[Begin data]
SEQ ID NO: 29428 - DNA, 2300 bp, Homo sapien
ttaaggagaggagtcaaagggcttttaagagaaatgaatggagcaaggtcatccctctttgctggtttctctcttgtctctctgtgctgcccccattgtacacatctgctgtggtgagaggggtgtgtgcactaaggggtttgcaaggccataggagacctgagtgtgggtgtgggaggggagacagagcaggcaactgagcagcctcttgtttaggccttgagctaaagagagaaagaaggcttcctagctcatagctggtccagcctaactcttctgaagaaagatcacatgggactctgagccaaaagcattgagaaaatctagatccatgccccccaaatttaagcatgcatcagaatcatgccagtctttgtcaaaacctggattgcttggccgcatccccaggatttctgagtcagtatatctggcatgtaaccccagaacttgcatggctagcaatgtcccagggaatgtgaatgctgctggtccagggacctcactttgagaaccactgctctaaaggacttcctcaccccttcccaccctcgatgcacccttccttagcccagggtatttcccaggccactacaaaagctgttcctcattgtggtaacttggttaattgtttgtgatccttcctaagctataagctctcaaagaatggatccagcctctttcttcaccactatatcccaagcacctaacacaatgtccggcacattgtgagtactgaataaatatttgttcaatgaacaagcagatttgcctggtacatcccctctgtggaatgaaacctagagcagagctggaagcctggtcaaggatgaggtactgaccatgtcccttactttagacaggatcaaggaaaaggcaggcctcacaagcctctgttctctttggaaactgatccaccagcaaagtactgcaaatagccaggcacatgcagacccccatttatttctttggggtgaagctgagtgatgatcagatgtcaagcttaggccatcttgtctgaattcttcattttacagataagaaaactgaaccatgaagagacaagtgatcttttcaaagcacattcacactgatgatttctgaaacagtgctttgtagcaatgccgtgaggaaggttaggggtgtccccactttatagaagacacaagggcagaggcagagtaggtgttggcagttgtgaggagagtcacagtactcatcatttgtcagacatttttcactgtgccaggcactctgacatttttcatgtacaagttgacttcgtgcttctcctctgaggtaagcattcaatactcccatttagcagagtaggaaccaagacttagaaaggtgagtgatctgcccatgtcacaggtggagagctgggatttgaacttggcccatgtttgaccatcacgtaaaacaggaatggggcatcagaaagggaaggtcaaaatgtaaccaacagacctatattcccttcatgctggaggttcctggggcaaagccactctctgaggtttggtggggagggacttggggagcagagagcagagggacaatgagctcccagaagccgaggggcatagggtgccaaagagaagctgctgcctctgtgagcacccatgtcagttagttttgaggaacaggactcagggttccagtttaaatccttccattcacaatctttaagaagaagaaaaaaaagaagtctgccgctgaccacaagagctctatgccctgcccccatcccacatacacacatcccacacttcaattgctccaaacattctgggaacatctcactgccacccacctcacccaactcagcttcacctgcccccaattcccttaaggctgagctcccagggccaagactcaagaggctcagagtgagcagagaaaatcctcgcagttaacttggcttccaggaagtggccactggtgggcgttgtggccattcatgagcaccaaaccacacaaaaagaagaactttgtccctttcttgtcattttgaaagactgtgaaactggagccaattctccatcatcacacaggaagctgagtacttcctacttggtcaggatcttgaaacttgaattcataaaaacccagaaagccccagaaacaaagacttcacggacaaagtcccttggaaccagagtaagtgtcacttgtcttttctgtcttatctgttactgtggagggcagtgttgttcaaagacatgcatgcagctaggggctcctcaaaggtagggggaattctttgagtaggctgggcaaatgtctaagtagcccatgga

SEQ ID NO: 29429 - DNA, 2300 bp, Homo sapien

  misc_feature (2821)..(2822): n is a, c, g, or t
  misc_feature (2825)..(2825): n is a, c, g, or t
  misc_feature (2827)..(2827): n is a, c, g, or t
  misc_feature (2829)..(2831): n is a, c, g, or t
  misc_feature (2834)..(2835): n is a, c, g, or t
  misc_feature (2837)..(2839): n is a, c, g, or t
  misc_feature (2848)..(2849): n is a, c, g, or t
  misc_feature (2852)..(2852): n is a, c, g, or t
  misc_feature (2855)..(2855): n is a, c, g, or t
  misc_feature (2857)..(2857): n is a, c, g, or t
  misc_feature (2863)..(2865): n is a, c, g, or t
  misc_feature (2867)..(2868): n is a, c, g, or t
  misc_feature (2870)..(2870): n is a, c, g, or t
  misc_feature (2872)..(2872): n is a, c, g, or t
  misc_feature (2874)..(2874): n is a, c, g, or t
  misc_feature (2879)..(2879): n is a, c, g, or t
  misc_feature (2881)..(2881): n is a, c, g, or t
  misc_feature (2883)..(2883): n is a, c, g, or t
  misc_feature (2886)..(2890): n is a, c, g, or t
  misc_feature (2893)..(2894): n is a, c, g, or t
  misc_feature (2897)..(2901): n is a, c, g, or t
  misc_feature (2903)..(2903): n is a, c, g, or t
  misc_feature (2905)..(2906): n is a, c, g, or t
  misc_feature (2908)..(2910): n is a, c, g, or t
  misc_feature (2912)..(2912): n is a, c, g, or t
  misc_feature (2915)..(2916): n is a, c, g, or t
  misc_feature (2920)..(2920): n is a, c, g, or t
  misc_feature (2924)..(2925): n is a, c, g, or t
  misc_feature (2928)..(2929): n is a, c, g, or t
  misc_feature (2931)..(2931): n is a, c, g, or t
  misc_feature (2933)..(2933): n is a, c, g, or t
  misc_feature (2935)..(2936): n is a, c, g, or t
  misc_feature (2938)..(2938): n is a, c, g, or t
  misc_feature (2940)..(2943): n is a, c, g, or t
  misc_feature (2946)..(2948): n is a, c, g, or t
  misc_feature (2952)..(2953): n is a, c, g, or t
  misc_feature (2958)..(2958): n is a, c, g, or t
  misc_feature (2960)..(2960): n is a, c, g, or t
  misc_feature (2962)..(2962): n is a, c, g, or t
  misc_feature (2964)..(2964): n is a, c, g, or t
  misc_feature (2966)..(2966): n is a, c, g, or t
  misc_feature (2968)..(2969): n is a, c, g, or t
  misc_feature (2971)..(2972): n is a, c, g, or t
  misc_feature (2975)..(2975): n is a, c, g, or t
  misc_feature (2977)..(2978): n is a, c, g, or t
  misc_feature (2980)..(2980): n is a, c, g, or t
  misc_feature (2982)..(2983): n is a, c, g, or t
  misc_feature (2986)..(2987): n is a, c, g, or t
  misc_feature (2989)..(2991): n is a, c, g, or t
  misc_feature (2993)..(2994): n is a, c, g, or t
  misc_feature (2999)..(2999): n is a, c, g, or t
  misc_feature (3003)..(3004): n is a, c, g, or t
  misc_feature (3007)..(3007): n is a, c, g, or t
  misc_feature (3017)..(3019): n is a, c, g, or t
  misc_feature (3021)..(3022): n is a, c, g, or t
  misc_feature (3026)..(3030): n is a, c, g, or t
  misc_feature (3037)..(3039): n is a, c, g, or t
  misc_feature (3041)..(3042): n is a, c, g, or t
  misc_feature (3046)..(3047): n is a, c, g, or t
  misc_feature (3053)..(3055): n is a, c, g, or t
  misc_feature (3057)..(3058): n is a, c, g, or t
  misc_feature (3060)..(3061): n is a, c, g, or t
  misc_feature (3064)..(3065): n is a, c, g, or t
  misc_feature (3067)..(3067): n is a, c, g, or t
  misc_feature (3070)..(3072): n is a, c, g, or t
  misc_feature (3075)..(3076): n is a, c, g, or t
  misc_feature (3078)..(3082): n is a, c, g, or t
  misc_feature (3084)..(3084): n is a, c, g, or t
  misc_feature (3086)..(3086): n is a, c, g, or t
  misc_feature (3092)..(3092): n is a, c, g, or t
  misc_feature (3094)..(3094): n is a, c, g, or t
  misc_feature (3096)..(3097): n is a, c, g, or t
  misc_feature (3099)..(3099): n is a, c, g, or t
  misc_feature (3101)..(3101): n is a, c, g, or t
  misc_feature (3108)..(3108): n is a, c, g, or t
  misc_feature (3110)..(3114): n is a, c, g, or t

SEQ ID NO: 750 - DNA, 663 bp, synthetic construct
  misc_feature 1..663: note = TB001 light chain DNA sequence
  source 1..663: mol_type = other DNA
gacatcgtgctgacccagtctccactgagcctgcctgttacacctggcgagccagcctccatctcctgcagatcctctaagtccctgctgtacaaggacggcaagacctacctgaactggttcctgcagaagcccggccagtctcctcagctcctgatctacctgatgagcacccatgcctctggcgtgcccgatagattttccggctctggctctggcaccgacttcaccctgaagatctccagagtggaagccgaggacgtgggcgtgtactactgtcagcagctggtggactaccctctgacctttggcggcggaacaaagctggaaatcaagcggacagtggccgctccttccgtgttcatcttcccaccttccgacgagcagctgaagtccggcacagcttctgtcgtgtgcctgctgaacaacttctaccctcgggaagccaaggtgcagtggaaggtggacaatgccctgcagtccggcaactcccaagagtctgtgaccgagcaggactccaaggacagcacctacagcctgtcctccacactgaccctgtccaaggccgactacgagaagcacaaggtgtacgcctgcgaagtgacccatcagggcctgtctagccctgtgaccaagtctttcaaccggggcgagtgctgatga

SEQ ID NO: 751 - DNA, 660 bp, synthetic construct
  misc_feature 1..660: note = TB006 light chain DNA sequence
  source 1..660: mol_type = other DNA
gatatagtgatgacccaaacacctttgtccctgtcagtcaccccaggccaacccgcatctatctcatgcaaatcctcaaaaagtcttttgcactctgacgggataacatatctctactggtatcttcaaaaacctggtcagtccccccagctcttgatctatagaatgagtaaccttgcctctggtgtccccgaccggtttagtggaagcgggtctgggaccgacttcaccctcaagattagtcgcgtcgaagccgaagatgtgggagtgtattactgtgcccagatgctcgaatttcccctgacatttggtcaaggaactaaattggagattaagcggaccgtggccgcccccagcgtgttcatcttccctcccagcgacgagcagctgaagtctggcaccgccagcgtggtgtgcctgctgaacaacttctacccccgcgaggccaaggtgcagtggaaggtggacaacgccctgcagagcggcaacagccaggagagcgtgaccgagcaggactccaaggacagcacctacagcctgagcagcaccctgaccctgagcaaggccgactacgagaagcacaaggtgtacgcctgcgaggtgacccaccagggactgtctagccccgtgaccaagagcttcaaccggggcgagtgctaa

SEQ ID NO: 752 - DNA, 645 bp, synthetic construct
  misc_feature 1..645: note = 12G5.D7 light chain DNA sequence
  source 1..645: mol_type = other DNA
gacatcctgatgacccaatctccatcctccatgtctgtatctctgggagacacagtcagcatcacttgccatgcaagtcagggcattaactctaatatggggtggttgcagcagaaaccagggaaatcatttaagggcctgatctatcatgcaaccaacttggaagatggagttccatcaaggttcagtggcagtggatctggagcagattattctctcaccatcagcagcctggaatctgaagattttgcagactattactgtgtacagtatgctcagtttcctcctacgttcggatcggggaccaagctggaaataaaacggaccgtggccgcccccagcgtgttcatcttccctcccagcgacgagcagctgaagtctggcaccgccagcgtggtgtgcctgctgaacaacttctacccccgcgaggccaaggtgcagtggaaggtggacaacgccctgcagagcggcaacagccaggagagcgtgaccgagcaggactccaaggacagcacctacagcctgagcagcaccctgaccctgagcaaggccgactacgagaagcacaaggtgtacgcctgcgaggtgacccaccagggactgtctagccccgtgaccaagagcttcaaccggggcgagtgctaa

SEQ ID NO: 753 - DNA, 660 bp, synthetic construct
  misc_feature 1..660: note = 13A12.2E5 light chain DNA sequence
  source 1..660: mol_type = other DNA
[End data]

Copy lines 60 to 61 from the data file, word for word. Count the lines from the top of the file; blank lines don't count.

  misc_feature (3037)..(3039): n is a, c, g, or t
  misc_feature (3041)..(3042): n is a, c, g, or t